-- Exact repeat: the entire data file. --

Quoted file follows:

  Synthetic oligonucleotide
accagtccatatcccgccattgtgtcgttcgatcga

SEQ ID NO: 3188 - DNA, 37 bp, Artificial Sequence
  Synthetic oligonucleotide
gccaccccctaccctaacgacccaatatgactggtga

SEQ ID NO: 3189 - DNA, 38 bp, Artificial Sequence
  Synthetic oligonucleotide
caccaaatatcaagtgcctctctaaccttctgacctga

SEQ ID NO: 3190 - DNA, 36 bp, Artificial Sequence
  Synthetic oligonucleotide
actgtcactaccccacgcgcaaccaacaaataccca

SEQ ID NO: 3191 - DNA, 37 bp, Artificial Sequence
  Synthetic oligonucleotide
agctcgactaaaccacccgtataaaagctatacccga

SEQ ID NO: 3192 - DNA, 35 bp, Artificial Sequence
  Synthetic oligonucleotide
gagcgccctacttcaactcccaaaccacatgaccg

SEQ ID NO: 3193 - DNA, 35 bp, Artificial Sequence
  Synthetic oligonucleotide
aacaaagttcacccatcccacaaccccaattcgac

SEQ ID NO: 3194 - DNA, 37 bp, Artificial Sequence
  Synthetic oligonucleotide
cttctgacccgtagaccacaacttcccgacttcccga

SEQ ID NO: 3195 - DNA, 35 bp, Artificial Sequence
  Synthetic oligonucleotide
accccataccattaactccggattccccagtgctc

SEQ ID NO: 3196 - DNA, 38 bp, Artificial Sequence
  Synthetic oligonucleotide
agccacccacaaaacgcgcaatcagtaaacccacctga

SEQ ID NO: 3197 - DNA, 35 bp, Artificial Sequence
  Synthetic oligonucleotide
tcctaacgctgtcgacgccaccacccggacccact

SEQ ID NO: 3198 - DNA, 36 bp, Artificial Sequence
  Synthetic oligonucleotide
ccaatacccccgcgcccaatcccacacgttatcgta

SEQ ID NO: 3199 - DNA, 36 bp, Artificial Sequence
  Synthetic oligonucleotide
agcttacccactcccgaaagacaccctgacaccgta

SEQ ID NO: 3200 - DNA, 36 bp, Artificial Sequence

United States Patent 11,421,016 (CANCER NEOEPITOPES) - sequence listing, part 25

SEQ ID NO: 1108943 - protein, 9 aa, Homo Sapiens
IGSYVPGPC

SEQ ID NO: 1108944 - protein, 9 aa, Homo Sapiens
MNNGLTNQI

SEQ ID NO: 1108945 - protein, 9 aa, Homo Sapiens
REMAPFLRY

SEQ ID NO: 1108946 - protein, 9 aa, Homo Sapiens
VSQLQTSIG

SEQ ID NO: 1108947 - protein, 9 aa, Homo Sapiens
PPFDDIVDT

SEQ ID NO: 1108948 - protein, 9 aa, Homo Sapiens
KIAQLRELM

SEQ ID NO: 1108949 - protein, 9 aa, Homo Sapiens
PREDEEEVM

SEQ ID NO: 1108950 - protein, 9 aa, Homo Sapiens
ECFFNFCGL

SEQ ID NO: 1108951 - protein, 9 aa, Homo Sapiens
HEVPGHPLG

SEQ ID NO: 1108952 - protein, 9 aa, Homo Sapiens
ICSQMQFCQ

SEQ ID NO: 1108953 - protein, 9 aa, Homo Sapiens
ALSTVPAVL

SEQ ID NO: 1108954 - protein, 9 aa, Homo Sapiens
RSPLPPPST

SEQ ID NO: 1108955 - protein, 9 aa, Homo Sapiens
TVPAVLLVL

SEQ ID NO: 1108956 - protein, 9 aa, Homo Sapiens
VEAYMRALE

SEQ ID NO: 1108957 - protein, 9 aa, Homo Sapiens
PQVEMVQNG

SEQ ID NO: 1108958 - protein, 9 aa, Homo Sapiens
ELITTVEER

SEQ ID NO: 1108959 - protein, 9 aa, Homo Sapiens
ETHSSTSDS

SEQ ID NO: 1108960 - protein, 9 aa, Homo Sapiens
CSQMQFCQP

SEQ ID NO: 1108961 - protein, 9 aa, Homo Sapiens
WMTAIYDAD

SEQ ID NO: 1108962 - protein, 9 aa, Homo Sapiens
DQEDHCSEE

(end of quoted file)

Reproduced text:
  Synthetic oligonucleotide
accagtccatatcccgccattgtgtcgttcgatcga

SEQ ID NO: 3188 - DNA, 37 bp, Artificial Sequence
  Synthetic oligonucleotide
gccaccccctaccctaacgacccaatatgactggtga

SEQ ID NO: 3189 - DNA, 38 bp, Artificial Sequence
  Synthetic oligonucleotide
caccaaatatcaagtgcctctctaaccttctgacctga

SEQ ID NO: 3190 - DNA, 36 bp, Artificial Sequence
  Synthetic oligonucleotide
actgtcactaccccacgcgcaaccaacaaataccca

SEQ ID NO: 3191 - DNA, 37 bp, Artificial Sequence
  Synthetic oligonucleotide
agctcgactaaaccacccgtataaaagctatacccga

SEQ ID NO: 3192 - DNA, 35 bp, Artificial Sequence
  Synthetic oligonucleotide
gagcgccctacttcaactcccaaaccacatgaccg

SEQ ID NO: 3193 - DNA, 35 bp, Artificial Sequence
  Synthetic oligonucleotide
aacaaagttcacccatcccacaaccccaattcgac

SEQ ID NO: 3194 - DNA, 37 bp, Artificial Sequence
  Synthetic oligonucleotide
cttctgacccgtagaccacaacttcccgacttcccga

SEQ ID NO: 3195 - DNA, 35 bp, Artificial Sequence
  Synthetic oligonucleotide
accccataccattaactccggattccccagtgctc

SEQ ID NO: 3196 - DNA, 38 bp, Artificial Sequence
  Synthetic oligonucleotide
agccacccacaaaacgcgcaatcagtaaacccacctga

SEQ ID NO: 3197 - DNA, 35 bp, Artificial Sequence
  Synthetic oligonucleotide
tcctaacgctgtcgacgccaccacccggacccact

SEQ ID NO: 3198 - DNA, 36 bp, Artificial Sequence
  Synthetic oligonucleotide
ccaatacccccgcgcccaatcccacacgttatcgta

SEQ ID NO: 3199 - DNA, 36 bp, Artificial Sequence
  Synthetic oligonucleotide
agcttacccactcccgaaagacaccctgacaccgta

SEQ ID NO: 3200 - DNA, 36 bp, Artificial Sequence

United States Patent 11,421,016 (CANCER NEOEPITOPES) - sequence listing, part 25

SEQ ID NO: 1108943 - protein, 9 aa, Homo Sapiens
IGSYVPGPC

SEQ ID NO: 1108944 - protein, 9 aa, Homo Sapiens
MNNGLTNQI

SEQ ID NO: 1108945 - protein, 9 aa, Homo Sapiens
REMAPFLRY

SEQ ID NO: 1108946 - protein, 9 aa, Homo Sapiens
VSQLQTSIG

SEQ ID NO: 1108947 - protein, 9 aa, Homo Sapiens
PPFDDIVDT

SEQ ID NO: 1108948 - protein, 9 aa, Homo Sapiens
KIAQLRELM

SEQ ID NO: 1108949 - protein, 9 aa, Homo Sapiens
PREDEEEVM

SEQ ID NO: 1108950 - protein, 9 aa, Homo Sapiens
ECFFNFCGL

SEQ ID NO: 1108951 - protein, 9 aa, Homo Sapiens
HEVPGHPLG

SEQ ID NO: 1108952 - protein, 9 aa, Homo Sapiens
ICSQMQFCQ

SEQ ID NO: 1108953 - protein, 9 aa, Homo Sapiens
ALSTVPAVL

SEQ ID NO: 1108954 - protein, 9 aa, Homo Sapiens
RSPLPPPST

SEQ ID NO: 1108955 - protein, 9 aa, Homo Sapiens
TVPAVLLVL

SEQ ID NO: 1108956 - protein, 9 aa, Homo Sapiens
VEAYMRALE

SEQ ID NO: 1108957 - protein, 9 aa, Homo Sapiens
PQVEMVQNG

SEQ ID NO: 1108958 - protein, 9 aa, Homo Sapiens
ELITTVEER

SEQ ID NO: 1108959 - protein, 9 aa, Homo Sapiens
ETHSSTSDS

SEQ ID NO: 1108960 - protein, 9 aa, Homo Sapiens
CSQMQFCQP

SEQ ID NO: 1108961 - protein, 9 aa, Homo Sapiens
WMTAIYDAD

SEQ ID NO: 1108962 - protein, 9 aa, Homo Sapiens
DQEDHCSEE